With the advent of single molecule (SM) technique, the memory effects and non-exponential kinetics originated from conformational fluctuations were emphasized in reactions of biomolecules. These deviations from the standard chemical kinetics have been already known from ensemble experiments. However, the SM measurements allow one to single out the effects of ‘dynamic disorder’ explicitly and more accurately, thereby uncovering the mechanisms of protein reactions and the control possibilities generated by structural changeability.
In early 90s we coined the concept of dynamic molecular self-organization. Its main idea is that under multiple consecutive reaction turnovers the structural memory of a macromolecule ensures the nonlinear feedback with the turnovers. As a result, the macromolecule works in a synergetic manner: depending on the intensity of the reaction initialization factor, a threshold emergence/disappearance of different functional regimes (including their coexistence, e.g. bistability) becomes possible. Experimental evidences in favour of such mode of operation have been obtained in ensemble experiments on the electron transfer reactions in the photosynthetic reaction centre [1,2]. Since these phenomena are of essentially intramolecular character, it is even more natural to expect their manifestations exactly in SM experiments where the serial occurrence of reaction turnovers takes place by definition. But how do they show up in the corresponding observables?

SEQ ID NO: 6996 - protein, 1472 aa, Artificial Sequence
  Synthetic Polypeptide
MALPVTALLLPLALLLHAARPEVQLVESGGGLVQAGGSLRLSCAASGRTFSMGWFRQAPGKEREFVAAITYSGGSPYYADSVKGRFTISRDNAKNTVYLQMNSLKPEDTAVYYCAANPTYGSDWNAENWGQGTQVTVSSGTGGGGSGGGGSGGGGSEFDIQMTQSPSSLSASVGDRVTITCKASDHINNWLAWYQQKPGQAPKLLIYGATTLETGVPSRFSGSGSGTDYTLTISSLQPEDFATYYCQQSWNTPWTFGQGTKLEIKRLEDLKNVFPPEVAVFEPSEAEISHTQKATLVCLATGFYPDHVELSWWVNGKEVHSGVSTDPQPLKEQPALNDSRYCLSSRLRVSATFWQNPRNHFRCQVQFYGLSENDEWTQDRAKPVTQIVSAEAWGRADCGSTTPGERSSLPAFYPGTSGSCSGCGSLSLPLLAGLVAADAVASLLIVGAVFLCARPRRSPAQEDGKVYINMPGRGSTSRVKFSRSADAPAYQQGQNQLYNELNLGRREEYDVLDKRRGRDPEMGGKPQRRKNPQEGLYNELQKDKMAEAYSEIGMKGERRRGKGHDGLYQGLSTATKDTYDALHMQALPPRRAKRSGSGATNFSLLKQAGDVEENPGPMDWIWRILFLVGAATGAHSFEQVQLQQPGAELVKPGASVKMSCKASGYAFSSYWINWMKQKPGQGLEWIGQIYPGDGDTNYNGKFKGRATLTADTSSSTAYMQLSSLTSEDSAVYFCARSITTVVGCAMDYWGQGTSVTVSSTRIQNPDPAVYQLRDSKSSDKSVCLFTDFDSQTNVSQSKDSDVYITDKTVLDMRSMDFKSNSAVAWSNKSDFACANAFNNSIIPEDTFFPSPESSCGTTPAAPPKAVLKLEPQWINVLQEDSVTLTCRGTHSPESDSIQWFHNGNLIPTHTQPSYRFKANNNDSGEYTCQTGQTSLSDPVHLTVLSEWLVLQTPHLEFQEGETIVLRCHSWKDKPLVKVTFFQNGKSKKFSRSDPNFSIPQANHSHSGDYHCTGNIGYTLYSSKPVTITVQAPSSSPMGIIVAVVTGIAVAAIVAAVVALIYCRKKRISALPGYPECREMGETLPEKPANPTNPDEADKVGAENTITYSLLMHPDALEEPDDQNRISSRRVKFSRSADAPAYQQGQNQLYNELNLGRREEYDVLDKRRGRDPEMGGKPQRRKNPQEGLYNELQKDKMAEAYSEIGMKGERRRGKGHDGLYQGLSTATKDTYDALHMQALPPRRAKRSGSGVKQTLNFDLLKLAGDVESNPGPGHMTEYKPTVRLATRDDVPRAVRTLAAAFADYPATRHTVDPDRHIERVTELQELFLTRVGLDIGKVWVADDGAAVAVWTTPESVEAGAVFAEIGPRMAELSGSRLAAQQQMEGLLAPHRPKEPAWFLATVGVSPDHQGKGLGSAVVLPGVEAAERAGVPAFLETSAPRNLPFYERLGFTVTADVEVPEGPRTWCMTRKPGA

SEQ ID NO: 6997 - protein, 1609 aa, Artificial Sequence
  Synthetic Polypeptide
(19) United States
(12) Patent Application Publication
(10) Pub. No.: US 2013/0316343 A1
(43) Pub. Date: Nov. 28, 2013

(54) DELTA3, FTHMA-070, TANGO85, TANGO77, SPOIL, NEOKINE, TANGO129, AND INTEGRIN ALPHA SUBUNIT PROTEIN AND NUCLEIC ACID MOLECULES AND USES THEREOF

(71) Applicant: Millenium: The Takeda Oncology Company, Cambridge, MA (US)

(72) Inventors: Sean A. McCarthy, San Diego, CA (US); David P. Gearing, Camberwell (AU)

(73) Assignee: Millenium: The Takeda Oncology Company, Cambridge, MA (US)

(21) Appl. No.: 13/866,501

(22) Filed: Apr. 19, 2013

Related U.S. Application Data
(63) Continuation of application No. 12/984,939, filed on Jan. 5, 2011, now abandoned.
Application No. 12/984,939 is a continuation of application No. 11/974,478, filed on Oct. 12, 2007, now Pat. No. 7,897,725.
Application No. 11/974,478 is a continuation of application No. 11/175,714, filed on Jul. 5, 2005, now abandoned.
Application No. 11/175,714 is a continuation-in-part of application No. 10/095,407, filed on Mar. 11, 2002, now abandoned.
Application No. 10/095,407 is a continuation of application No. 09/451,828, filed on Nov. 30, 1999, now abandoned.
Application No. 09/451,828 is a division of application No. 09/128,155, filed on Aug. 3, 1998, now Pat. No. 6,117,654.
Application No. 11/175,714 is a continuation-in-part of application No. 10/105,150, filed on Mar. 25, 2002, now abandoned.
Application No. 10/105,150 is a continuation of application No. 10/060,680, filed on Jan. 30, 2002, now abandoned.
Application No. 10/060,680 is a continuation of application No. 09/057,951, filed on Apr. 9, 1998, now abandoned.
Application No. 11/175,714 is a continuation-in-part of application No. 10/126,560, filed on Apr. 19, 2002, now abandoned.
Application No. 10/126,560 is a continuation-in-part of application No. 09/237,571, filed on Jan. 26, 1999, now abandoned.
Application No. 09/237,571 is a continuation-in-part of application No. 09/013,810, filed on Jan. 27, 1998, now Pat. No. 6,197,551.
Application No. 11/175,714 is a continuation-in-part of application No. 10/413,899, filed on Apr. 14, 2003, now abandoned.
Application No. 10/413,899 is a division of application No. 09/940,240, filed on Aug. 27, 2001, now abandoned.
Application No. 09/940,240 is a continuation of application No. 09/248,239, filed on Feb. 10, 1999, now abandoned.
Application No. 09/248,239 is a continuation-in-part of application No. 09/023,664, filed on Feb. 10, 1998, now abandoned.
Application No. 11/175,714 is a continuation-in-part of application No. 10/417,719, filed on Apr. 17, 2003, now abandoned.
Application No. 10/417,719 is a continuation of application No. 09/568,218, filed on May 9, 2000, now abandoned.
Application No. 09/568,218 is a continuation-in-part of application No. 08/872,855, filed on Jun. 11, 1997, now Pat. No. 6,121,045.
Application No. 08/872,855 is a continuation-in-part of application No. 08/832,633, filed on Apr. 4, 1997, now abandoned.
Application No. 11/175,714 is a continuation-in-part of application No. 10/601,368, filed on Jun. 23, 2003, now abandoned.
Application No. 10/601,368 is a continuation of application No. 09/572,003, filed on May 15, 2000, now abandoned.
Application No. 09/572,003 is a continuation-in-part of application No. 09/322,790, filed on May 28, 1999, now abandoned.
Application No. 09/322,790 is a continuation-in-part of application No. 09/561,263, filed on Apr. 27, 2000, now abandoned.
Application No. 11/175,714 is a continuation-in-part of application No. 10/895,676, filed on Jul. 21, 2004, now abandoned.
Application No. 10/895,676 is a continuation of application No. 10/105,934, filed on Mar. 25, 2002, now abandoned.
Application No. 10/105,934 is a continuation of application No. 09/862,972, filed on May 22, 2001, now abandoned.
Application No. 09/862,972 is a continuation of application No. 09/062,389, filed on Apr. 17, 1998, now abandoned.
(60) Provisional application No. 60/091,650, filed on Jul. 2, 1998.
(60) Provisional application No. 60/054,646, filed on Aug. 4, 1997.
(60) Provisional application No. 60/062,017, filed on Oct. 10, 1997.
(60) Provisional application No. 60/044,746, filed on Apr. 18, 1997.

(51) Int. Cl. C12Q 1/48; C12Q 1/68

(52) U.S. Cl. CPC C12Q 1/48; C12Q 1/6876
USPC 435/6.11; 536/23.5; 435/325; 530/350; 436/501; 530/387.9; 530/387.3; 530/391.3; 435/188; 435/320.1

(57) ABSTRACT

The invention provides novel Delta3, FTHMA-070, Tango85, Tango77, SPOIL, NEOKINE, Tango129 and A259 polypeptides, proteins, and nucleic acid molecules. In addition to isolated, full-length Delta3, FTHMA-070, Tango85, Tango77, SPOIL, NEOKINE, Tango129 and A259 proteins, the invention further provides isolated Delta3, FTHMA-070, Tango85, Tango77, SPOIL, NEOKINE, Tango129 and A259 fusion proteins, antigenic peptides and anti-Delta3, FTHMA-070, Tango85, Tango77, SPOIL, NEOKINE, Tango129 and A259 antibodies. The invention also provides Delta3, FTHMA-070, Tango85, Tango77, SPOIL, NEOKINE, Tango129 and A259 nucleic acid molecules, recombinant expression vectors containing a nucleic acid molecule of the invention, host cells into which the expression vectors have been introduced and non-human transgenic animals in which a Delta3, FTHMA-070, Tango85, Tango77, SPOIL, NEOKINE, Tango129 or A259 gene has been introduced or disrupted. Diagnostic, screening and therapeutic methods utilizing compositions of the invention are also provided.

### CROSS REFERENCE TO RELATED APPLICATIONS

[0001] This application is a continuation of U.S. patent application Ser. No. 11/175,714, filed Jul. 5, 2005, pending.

We propose a theoretical base and algorithms of the corresponding SM investigations capable of clearly recognizing the effects of dynamic self-organization even in the primary statistical SM characteristics (on-time distributions and autocorrelation functions) .